Premier Cruise Page 3

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Part 3: The canal follows the winding contours of the hills.

Story and Photos by Alan Harper - October 2003

 More of this Feature

• Part 1: Burgundy
• Part 2: Burgundy
• Part 3: Burgundy
• Burgundy—the Wine
• Charter Facts
• Burgundy Photo Gallery

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• Cruising/Chartering Index

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• Crown Blue Line

At Chalon we left the Saône, and, in a lock as dark as an Egyptian tomb, were raised 35 feet into the Canal du Centre. Here true Burgundy scenery revealed itself, cultivated and landscaped over thousands of years. Past the dazzling yellow rape fields of the Saône valley—it was late April, and hot—the canal follows the winding contours of the hills and rises ten or 20 feet at a time through a dozen locks to a long, level “pound” (a canal term meaning a level stretch) that starts at Chagny. Here is the fabled Côte d’Or, birthplace of some of the world’s most wonderful wines—the Côte de Beaune on one side of the canal, the Côte Chalonnaise on the other. Wine is more than a business here and much more than mere pleasure. It is, simply, what Burgundy is for.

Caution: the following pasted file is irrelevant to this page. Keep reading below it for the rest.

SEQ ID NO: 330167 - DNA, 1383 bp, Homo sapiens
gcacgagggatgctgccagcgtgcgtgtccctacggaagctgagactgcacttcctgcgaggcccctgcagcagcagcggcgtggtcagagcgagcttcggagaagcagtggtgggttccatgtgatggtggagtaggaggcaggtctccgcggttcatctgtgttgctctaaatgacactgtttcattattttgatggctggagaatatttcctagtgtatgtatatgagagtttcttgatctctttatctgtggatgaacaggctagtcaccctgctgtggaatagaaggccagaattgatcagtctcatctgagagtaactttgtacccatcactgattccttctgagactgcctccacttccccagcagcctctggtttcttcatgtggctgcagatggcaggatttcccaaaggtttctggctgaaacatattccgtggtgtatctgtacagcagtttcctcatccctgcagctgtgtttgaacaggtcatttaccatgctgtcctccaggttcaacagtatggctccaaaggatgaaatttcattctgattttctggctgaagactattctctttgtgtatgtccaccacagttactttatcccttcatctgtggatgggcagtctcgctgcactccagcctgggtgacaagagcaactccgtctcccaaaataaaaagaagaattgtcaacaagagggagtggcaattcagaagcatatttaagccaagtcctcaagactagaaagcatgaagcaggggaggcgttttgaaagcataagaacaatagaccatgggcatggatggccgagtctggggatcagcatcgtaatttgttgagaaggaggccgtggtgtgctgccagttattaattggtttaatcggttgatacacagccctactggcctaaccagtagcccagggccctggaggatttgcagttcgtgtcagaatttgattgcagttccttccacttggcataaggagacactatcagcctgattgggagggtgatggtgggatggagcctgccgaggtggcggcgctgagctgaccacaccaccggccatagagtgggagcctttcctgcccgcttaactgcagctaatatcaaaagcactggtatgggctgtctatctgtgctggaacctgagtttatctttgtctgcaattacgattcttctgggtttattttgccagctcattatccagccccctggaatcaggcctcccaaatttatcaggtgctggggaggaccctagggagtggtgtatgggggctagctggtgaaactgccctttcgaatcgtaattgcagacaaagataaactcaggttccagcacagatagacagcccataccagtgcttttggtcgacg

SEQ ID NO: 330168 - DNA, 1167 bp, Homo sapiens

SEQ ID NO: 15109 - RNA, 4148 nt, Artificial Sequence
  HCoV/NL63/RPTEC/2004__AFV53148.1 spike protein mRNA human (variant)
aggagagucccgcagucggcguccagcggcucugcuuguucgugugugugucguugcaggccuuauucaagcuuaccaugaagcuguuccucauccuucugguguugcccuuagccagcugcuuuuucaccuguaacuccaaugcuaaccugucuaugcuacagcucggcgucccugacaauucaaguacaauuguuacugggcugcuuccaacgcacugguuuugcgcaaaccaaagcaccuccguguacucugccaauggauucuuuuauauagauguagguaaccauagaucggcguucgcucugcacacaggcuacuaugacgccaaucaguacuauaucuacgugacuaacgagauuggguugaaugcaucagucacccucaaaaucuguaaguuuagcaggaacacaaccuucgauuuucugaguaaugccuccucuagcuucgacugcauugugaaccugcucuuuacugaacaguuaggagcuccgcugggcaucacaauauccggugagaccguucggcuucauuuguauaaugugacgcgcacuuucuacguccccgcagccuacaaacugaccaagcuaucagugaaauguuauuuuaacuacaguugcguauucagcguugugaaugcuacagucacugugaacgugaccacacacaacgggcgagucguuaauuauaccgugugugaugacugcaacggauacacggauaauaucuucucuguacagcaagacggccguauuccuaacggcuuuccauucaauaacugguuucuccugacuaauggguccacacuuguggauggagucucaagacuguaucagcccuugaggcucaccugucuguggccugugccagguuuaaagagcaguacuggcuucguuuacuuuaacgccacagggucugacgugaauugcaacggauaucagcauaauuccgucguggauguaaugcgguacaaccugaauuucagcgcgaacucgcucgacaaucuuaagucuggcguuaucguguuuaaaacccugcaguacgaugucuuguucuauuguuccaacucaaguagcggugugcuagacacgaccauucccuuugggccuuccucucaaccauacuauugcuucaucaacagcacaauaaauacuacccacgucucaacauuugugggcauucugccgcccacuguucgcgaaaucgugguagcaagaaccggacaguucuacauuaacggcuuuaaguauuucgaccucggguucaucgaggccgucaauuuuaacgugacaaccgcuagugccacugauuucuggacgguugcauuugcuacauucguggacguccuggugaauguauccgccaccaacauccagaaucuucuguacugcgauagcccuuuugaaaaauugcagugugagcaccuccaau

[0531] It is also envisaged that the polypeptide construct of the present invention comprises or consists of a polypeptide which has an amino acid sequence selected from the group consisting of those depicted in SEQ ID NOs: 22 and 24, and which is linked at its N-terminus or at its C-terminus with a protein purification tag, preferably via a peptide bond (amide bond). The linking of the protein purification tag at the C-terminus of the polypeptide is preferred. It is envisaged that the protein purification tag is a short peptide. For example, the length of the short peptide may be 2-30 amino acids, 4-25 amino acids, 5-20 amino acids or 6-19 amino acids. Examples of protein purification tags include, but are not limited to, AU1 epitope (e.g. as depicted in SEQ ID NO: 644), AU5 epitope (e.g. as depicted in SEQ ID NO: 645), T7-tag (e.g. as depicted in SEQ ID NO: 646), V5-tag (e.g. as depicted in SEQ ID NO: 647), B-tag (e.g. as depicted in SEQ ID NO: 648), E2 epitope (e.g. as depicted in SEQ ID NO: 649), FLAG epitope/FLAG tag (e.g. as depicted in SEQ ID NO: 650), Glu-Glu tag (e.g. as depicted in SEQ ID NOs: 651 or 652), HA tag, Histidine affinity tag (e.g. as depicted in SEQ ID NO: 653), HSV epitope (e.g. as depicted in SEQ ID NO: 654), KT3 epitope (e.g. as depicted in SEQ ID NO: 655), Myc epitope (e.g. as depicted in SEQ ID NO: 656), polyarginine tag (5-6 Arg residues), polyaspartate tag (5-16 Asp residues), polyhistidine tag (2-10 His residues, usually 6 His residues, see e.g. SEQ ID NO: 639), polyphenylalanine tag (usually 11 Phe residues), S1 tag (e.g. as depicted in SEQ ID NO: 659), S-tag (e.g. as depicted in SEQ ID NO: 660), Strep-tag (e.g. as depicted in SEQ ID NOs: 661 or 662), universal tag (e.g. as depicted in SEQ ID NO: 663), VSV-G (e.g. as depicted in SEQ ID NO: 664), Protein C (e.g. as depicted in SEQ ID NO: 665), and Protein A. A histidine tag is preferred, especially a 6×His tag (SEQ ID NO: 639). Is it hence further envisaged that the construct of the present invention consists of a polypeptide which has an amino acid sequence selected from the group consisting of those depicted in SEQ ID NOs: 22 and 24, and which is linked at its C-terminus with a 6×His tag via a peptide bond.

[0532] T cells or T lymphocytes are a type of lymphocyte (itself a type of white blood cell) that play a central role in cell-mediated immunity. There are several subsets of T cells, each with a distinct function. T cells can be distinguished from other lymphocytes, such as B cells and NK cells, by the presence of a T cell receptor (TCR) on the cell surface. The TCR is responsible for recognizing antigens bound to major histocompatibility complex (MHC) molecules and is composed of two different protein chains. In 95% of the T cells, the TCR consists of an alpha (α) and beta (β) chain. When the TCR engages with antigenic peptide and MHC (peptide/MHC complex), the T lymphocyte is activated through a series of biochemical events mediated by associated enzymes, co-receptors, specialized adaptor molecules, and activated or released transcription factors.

In the dark cellar of Santenay wine merchant Prosper Maufoux, we finally got around to some degustation—better known as wine-tasting. Outside, the afternoon sun beat down on the eight plane trees in the square and children splashed in the fountain. Inside, a rich, black currant-infused Pinot Noir was offered, from Premier Cru (see “Burgundy, the Wine,” this story) slopes just half a mile away. Then another, quite superb, from higher slopes above the town. “It is not ready—you have to imagine what it will be in five years’ time,” explained the vintner, Sylvain Jacquin. “Try this. There is no obligation.” A luscious Chardonnay, cool and characterful. Another. And then some Cremant de Bourgogne, a real surprise, a fine-textured, lively, sparkling white from Chalonnais, a few miles to the south.

After tasting a wine, you’re supposed to spit it out—it has something to do with keeping your head clear and your judgment unclouded. Did we? I really don’t remember. But we did buy some bottles of wine—some for the boat, ready to drink right away, and some to keep for five years or so until it would be ready. And we didn’t even have to carry the case back up to the canal—Jacquin delivers.

Crown Blue Line Phone: (888) 355-9491.

Next page > Burgundy—the Wine > Page 1, 2, 3, 4, 5, 6

This article originally appeared in the September 2003 issue of Power & Motoryacht magazine.

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